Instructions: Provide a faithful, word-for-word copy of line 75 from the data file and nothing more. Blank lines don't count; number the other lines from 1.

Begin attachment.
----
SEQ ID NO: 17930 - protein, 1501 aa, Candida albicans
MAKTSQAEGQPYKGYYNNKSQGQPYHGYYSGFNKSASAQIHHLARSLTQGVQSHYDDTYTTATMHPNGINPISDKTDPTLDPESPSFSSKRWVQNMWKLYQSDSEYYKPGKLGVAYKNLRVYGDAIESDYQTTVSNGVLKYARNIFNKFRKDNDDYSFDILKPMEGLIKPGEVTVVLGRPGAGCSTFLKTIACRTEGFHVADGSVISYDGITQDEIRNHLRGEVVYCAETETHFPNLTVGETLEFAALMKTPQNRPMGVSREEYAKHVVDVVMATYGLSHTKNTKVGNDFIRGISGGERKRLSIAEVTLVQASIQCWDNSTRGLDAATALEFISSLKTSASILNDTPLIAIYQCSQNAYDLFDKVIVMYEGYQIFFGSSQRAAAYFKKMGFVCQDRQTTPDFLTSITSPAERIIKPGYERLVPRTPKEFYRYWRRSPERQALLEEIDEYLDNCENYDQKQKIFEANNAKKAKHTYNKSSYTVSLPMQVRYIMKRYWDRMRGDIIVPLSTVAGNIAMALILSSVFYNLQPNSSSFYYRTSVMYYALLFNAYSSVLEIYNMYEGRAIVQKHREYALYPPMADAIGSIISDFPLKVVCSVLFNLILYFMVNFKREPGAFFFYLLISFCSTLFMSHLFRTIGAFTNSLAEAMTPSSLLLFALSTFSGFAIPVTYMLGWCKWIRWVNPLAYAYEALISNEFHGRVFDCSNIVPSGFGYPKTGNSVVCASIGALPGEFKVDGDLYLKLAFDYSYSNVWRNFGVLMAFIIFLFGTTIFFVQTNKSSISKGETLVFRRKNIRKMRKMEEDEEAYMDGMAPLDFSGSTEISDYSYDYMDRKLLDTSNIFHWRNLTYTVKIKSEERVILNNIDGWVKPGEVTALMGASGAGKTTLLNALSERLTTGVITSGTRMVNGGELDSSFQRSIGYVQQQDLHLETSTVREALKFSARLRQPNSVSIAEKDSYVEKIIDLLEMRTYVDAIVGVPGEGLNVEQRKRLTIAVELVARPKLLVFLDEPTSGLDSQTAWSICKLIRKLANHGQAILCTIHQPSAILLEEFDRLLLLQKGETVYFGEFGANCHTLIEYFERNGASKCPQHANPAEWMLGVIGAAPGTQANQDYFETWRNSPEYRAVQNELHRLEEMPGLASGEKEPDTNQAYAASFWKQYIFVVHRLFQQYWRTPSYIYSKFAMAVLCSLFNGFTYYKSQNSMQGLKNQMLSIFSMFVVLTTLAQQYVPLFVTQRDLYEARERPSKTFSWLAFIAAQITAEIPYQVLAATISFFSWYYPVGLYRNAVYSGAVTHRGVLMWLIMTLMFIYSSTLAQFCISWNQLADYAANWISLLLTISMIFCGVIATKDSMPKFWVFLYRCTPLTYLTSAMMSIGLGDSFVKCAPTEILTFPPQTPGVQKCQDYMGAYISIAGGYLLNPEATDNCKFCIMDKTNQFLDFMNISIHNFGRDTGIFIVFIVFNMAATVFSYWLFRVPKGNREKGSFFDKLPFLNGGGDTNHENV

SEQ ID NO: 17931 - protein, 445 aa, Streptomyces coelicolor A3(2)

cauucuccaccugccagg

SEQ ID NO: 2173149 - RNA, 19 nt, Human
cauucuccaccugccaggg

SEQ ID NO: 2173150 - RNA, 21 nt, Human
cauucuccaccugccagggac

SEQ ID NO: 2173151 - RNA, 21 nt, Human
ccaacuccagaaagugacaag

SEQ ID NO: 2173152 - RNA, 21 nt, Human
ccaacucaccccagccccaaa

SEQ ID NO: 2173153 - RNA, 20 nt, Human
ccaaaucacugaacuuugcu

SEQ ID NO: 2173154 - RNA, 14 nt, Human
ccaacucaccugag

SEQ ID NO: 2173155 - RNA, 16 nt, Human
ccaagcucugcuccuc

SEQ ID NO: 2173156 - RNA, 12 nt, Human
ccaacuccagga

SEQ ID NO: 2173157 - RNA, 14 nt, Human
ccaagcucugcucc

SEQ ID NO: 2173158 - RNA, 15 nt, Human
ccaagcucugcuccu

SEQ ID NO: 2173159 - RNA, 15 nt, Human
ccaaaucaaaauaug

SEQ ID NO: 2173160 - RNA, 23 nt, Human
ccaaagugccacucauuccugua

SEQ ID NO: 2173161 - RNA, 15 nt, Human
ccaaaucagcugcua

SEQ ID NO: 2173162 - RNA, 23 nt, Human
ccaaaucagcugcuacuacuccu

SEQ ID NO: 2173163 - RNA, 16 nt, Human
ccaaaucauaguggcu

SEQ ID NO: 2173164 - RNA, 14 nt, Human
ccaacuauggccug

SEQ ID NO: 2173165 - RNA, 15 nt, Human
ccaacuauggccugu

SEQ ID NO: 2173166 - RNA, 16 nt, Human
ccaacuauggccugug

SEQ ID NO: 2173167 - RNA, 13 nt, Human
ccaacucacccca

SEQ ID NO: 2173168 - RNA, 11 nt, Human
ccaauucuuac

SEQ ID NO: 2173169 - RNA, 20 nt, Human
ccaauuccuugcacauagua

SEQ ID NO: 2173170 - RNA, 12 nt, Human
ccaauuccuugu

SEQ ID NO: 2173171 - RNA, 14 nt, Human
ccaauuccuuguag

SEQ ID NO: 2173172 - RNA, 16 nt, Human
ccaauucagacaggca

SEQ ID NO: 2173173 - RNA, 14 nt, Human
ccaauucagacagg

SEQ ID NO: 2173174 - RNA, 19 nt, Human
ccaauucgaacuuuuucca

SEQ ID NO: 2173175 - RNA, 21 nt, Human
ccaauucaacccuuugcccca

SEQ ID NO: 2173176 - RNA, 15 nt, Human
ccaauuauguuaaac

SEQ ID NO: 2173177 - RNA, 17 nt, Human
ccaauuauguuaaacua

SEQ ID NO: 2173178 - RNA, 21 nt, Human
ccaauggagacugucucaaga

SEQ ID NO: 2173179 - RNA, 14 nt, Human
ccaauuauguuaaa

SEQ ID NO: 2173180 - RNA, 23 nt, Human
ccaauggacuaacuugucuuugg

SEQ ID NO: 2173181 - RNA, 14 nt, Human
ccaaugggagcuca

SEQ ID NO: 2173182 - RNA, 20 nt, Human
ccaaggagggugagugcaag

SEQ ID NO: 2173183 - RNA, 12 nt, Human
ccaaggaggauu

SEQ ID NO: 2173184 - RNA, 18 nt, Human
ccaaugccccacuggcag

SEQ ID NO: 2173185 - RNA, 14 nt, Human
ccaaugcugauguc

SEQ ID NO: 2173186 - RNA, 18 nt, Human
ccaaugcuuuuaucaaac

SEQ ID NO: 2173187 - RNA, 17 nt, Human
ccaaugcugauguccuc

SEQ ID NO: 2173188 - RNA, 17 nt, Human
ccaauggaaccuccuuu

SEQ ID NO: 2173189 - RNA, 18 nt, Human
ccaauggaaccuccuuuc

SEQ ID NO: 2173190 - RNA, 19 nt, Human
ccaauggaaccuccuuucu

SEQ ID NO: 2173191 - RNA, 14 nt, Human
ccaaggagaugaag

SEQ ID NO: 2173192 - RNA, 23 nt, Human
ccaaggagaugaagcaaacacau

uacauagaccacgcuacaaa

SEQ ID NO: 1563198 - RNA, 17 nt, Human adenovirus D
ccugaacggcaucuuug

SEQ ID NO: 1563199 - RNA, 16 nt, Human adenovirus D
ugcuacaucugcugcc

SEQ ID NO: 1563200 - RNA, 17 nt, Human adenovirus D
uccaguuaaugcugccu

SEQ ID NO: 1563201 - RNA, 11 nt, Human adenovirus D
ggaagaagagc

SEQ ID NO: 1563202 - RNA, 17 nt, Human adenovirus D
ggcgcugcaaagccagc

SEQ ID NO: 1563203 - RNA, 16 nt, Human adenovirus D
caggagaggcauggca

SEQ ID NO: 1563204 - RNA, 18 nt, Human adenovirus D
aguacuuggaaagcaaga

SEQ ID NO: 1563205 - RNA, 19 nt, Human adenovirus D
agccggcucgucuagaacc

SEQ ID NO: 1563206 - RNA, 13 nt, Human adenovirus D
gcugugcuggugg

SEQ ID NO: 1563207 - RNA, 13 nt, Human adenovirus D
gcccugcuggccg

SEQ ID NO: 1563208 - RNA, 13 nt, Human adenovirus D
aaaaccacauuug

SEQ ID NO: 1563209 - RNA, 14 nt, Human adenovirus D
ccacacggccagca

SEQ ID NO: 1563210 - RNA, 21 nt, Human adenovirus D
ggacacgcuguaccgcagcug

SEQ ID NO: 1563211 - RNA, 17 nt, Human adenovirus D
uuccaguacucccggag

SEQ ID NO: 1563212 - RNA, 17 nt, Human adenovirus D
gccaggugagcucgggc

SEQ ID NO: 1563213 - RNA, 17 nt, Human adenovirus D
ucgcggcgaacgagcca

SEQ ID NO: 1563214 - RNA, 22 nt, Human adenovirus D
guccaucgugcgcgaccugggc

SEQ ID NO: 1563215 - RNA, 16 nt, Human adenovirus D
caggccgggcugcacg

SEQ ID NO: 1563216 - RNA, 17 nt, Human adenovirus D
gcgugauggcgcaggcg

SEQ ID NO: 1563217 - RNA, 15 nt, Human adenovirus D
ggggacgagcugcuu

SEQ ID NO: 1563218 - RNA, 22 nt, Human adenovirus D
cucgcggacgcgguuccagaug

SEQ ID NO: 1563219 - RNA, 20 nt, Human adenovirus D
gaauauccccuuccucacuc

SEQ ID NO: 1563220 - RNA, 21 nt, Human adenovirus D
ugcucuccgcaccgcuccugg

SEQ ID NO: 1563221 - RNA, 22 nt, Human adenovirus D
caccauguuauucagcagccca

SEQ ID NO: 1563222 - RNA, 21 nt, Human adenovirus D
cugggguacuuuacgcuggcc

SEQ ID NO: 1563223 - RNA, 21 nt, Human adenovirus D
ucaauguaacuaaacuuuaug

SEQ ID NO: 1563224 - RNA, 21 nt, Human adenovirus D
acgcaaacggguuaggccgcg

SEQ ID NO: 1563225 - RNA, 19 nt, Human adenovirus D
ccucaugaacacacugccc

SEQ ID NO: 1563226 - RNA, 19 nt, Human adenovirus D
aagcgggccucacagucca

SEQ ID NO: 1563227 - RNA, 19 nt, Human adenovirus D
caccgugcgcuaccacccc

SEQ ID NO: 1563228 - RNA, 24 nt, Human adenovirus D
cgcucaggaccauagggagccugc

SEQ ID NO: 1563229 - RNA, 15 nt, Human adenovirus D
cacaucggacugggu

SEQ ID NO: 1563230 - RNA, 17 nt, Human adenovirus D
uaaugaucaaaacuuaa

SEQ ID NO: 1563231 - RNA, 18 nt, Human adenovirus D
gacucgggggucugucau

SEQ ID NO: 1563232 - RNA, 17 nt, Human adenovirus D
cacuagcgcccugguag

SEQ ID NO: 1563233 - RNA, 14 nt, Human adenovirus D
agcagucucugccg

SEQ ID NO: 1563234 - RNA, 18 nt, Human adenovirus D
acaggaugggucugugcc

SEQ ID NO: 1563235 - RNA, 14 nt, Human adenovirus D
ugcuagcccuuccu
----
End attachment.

SEQ ID NO: 2173184 - RNA, 18 nt, Human